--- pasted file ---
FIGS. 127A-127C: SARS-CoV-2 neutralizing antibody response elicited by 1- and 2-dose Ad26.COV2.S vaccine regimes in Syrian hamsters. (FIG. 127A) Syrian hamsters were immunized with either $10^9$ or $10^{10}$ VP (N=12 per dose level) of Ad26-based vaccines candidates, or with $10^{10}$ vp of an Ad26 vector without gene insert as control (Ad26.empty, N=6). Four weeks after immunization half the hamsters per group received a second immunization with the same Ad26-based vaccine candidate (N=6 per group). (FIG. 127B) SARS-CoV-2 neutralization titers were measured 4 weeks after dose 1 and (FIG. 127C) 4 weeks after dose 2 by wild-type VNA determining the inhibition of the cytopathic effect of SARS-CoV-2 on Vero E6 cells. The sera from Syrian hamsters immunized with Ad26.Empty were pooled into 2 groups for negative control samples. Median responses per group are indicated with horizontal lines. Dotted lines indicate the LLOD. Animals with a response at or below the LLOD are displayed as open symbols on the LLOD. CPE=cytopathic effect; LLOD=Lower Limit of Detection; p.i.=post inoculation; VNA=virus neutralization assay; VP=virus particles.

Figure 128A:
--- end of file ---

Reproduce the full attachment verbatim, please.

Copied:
FIGS. 127A-127C: SARS-CoV-2 neutralizing antibody response elicited by 1- and 2-dose Ad26.COV2.S vaccine regimes in Syrian hamsters. (FIG. 127A) Syrian hamsters were immunized with either $10^9$ or $10^{10}$ VP (N=12 per dose level) of Ad26-based vaccines candidates, or with $10^{10}$ vp of an Ad26 vector without gene insert as control (Ad26.empty, N=6). Four weeks after immunization half the hamsters per group received a second immunization with the same Ad26-based vaccine candidate (N=6 per group). (FIG. 127B) SARS-CoV-2 neutralization titers were measured 4 weeks after dose 1 and (FIG. 127C) 4 weeks after dose 2 by wild-type VNA determining the inhibition of the cytopathic effect of SARS-CoV-2 on Vero E6 cells. The sera from Syrian hamsters immunized with Ad26.Empty were pooled into 2 groups for negative control samples. Median responses per group are indicated with horizontal lines. Dotted lines indicate the LLOD. Animals with a response at or below the LLOD are displayed as open symbols on the LLOD. CPE=cytopathic effect; LLOD=Lower Limit of Detection; p.i.=post inoculation; VNA=virus neutralization assay; VP=virus particles.

Figure 128A: